Non-compliance: bitter pill of the Indian pharma biz

PT Jyothi Datta | Updated on January 24, 2018 Published on June 12, 2015

amit bansal

Quality compromised over quantity to meet production targets, dispatch timelines

Does quality non-compliance threaten to trip-up the Indian pharmaceutical industry, growing at a steady trot of about 15 per cent in the last few years?

Well, data culled by two recent reports on compliance in this industry is not very comforting. Import alerts against Indian plants in 2013 accounted for 49 per cent of the total 43 imports alerts issued by the US FDA (Food and Drug Administration) worldwide, records an EY report on data integrity compliance.

And a Deloitte report on compliance management points out: “In the last two years, import ban orders have been issued by the USFDA and Canada’s Health Canada to more than 25 Indian API (active pharmaceutical ingredients) and formulations.”

Regulatory action is not unique to Indian drug companies. But in the interest of its own reputation and business growth, the niggling question arises. Why do drug companies find it difficult to comply with quality requirements when they know what’s needed to be able to sell in markets, in India or abroad?

The simple yet complex answer to that is the shortage of skilled manpower. Though not the only reason behind drug companies being unable to keep pace with rapidly changing regulatory environments, it features as a key reason in both industry reports.

Default settings

“Around 64 per cent of survey respondents have attributed non-compliance to shortage of skilled staff (in their risk and compliance teams), followed by challenges in implementing cGXP guidelines (good manufacturing practices etc, 52 per cent), complying with professional association guidelines (42 per cent), and poor fraud risk management systems (36 per cent),” says the Deloitte survey of 33 organisations operating in India.

Amit Bansal, Senior Director with Deloitte India, finds that good processes tend to lag behind, despite industry’s robust growth. “Are we making the kind of investment decisions needed for compliance,” he asks, indicating that much ground remains to be covered.

“The shortage of skilled people is one of the biggest problems, but it links back to the complex issue of the educational system not being geared to train people who can be employed by industry,” he says.

In the past, several Indian drugmakers have been hauled up by foreign regulators, including erstwhile Ranbaxy (now owned by Sun Pharma), Wockhardt, Ipca, and Sun itself.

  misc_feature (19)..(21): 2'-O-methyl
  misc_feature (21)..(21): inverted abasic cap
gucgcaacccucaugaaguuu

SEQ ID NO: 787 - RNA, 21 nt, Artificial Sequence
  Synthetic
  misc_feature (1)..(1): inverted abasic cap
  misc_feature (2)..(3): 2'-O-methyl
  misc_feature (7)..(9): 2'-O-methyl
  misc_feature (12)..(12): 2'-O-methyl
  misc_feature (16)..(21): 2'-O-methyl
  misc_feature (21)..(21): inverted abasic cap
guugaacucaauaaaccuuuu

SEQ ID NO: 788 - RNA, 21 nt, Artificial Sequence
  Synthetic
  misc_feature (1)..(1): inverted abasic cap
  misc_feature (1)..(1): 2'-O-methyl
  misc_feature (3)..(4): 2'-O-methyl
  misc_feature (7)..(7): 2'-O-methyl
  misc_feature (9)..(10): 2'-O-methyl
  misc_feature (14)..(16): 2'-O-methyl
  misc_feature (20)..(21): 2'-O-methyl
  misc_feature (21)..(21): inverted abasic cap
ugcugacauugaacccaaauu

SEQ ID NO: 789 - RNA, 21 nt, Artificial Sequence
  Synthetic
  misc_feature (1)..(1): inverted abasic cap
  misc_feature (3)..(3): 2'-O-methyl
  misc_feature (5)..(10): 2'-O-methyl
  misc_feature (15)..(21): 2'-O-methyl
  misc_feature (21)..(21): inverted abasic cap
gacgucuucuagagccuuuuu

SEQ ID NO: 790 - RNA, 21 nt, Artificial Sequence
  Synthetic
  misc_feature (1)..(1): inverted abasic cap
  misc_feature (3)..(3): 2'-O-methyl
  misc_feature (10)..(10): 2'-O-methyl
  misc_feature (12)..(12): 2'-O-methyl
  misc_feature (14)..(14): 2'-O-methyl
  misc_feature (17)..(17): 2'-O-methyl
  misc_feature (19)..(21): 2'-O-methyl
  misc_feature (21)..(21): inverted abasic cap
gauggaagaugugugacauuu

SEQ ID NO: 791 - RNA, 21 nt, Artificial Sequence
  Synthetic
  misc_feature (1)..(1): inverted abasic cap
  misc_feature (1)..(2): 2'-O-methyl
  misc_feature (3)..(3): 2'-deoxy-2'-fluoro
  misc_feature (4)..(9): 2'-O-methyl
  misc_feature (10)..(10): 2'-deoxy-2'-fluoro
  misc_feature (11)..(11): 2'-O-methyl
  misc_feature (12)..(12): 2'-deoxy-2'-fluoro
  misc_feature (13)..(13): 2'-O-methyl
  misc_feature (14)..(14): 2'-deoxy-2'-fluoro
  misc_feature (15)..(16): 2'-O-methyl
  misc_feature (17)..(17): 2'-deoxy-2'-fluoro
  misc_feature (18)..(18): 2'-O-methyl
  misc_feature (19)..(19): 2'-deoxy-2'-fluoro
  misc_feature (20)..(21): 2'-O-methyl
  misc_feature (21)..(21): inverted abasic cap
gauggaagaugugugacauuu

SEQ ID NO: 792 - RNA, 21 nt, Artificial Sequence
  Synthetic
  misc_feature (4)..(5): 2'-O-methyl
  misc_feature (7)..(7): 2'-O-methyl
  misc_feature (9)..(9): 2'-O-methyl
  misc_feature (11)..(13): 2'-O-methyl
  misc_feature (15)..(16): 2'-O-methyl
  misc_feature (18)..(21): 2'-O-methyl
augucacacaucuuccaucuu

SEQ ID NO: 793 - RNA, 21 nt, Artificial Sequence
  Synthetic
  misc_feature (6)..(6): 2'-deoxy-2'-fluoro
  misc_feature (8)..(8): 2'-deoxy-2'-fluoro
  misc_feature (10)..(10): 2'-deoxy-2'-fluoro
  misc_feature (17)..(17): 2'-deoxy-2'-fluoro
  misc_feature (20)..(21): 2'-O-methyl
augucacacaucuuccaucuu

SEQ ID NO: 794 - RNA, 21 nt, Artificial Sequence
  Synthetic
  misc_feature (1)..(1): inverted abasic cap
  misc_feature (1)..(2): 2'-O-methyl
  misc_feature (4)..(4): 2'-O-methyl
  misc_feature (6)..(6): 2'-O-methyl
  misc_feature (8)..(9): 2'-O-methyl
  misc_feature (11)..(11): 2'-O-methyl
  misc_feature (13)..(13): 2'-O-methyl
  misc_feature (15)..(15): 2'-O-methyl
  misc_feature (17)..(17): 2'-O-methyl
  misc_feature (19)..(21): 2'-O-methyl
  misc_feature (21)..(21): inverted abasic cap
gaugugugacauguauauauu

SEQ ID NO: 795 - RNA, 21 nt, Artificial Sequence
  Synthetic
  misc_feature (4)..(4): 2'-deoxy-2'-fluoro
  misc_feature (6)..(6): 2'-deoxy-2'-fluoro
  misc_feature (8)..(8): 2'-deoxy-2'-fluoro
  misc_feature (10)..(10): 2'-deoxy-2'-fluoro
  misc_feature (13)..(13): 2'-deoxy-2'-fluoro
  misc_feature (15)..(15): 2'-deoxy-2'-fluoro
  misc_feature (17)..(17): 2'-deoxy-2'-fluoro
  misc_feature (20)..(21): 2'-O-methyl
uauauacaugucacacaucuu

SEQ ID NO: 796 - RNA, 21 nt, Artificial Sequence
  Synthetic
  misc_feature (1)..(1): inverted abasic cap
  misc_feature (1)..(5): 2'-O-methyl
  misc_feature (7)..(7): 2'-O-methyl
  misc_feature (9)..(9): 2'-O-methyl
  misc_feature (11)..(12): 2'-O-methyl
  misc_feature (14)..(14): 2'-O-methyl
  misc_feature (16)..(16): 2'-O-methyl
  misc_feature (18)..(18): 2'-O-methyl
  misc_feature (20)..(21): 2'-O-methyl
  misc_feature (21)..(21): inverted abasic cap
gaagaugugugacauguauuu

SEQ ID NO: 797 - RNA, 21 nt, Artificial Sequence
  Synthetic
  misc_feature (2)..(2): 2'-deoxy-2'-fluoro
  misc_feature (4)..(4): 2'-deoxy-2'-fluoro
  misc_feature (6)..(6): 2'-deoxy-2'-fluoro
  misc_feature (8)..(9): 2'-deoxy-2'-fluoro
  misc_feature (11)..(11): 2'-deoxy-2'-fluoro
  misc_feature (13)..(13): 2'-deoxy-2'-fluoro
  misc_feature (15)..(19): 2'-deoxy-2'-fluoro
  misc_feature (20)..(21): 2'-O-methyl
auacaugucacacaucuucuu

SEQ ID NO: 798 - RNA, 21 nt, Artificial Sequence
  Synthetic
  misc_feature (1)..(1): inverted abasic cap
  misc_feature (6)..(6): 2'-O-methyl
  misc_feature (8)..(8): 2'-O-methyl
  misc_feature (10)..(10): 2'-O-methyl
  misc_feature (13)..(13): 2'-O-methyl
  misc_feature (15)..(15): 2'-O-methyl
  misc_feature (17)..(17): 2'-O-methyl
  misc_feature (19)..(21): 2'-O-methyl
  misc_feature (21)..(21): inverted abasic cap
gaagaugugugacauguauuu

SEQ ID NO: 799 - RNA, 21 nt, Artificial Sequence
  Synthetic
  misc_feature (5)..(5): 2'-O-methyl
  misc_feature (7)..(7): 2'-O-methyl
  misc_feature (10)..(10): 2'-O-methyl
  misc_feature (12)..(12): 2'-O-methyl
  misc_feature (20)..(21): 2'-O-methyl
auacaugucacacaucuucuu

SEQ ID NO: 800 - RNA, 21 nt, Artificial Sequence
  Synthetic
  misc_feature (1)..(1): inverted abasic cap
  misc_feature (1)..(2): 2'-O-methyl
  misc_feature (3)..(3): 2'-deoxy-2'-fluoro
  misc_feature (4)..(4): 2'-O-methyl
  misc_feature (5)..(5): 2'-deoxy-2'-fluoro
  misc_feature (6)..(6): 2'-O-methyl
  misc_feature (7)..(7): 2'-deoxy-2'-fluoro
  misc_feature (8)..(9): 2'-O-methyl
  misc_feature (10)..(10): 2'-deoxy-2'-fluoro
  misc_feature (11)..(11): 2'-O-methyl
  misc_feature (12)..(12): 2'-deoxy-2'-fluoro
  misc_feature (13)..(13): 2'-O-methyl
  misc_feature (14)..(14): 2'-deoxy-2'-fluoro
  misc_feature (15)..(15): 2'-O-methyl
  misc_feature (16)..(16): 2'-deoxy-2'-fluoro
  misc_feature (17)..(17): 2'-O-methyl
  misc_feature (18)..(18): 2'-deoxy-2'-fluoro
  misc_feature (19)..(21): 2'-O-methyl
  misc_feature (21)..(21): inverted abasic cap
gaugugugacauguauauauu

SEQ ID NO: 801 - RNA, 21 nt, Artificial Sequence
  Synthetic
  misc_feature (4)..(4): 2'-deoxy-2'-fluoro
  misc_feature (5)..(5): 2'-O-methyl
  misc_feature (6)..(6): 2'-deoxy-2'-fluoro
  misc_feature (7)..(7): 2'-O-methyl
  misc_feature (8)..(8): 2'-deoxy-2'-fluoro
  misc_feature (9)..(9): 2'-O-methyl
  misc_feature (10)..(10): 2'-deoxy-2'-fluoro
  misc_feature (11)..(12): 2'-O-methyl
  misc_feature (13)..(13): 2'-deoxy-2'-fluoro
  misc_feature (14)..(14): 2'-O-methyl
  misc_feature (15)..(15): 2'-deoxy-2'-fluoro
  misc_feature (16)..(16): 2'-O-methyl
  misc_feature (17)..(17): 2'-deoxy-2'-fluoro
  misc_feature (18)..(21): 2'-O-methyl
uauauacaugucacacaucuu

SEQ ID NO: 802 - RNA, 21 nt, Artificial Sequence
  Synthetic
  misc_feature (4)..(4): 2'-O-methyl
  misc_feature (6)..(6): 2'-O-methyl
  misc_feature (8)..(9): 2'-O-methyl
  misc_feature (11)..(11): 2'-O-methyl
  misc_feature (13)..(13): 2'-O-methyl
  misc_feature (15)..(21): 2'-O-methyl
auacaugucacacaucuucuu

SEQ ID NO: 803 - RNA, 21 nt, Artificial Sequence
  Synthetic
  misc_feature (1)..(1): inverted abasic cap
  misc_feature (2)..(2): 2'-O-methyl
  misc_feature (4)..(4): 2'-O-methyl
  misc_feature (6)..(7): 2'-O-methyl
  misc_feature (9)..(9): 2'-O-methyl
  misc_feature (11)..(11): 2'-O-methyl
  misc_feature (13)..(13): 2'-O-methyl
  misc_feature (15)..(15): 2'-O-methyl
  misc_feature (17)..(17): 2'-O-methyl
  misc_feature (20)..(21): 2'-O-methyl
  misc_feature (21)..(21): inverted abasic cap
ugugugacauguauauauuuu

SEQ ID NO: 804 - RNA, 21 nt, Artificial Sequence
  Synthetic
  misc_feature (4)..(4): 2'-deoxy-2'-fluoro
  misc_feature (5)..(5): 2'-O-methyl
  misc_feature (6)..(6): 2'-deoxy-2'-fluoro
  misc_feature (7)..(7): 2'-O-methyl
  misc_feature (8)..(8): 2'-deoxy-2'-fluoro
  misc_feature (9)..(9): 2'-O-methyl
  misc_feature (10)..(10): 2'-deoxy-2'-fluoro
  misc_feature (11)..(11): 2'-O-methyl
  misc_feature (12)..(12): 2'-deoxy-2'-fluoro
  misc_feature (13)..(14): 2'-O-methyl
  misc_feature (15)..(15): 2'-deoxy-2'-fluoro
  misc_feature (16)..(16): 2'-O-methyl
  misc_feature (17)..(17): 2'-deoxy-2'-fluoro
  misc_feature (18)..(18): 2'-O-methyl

Distilling down the violations, the EY report points out to data integrity malpractices and its manpower link. “Shortage of staff and excessive work pressure can lead to inaccurate and incomplete documentation,” it says, listing the reasons.

Data control

Quantity is put ahead of quality, as “employees may be forced to compromise the acceptable quality levels in order to meet production targets or dispatch timelines.” The report stresses on the veracity of raw data, which proves that drugs are safe, efficacious and manufactured as per appropriate quality standards. Leading regulators, all of which mandate data integrity, including the FDA, the UK MHRA, Health Canada, Therapeutic Drugs Administration (TGA) and the Indian FDA, consider the violation of data integrity as a grave offence.

Rajiv Joshi, Partner (Fraud Investigation and Dispute Services) with EY India, explains that data integrity requires skills tuned to not just normal compliance but scientific compliance. Besides, knowing the standards is one thing, but understanding and interpreting it is the challenge, he observes. Ronald Piervincenzi, Chief Executive with standards-setting organization United States Pharmacopeial Convention, wonders if the assumption is true that companies know the rules they need to comply with.

Uniform wisdom

“It is a complex world and the global supply of medicine involves different regulatory rules, different countries and those rules change over time. And that first step of understanding what the standards is a very important one,” he says.

“Listing steps towards improved quality compliance, the reports suggest better internal controls, data reviews, improved raw material sourcing and a whistle-blowing mechanism. It is better that employees raise alarms on bad practices and set it right before it goes to the outside world and becomes an embarrassment,” says Joshi.

But it should not be just a tick in the box approach, and should work towards the spirit of the requirement, adds Bansal. Underlining why companies need to sit up and take note of their quality compliance gaps, Joshi says, US, Europe, Canada, India etc, are big markets. And sanctions from any of their regulators would impact business, adversely.

Published on June 12, 2015
This article is closed for comments.
Please Email the Editor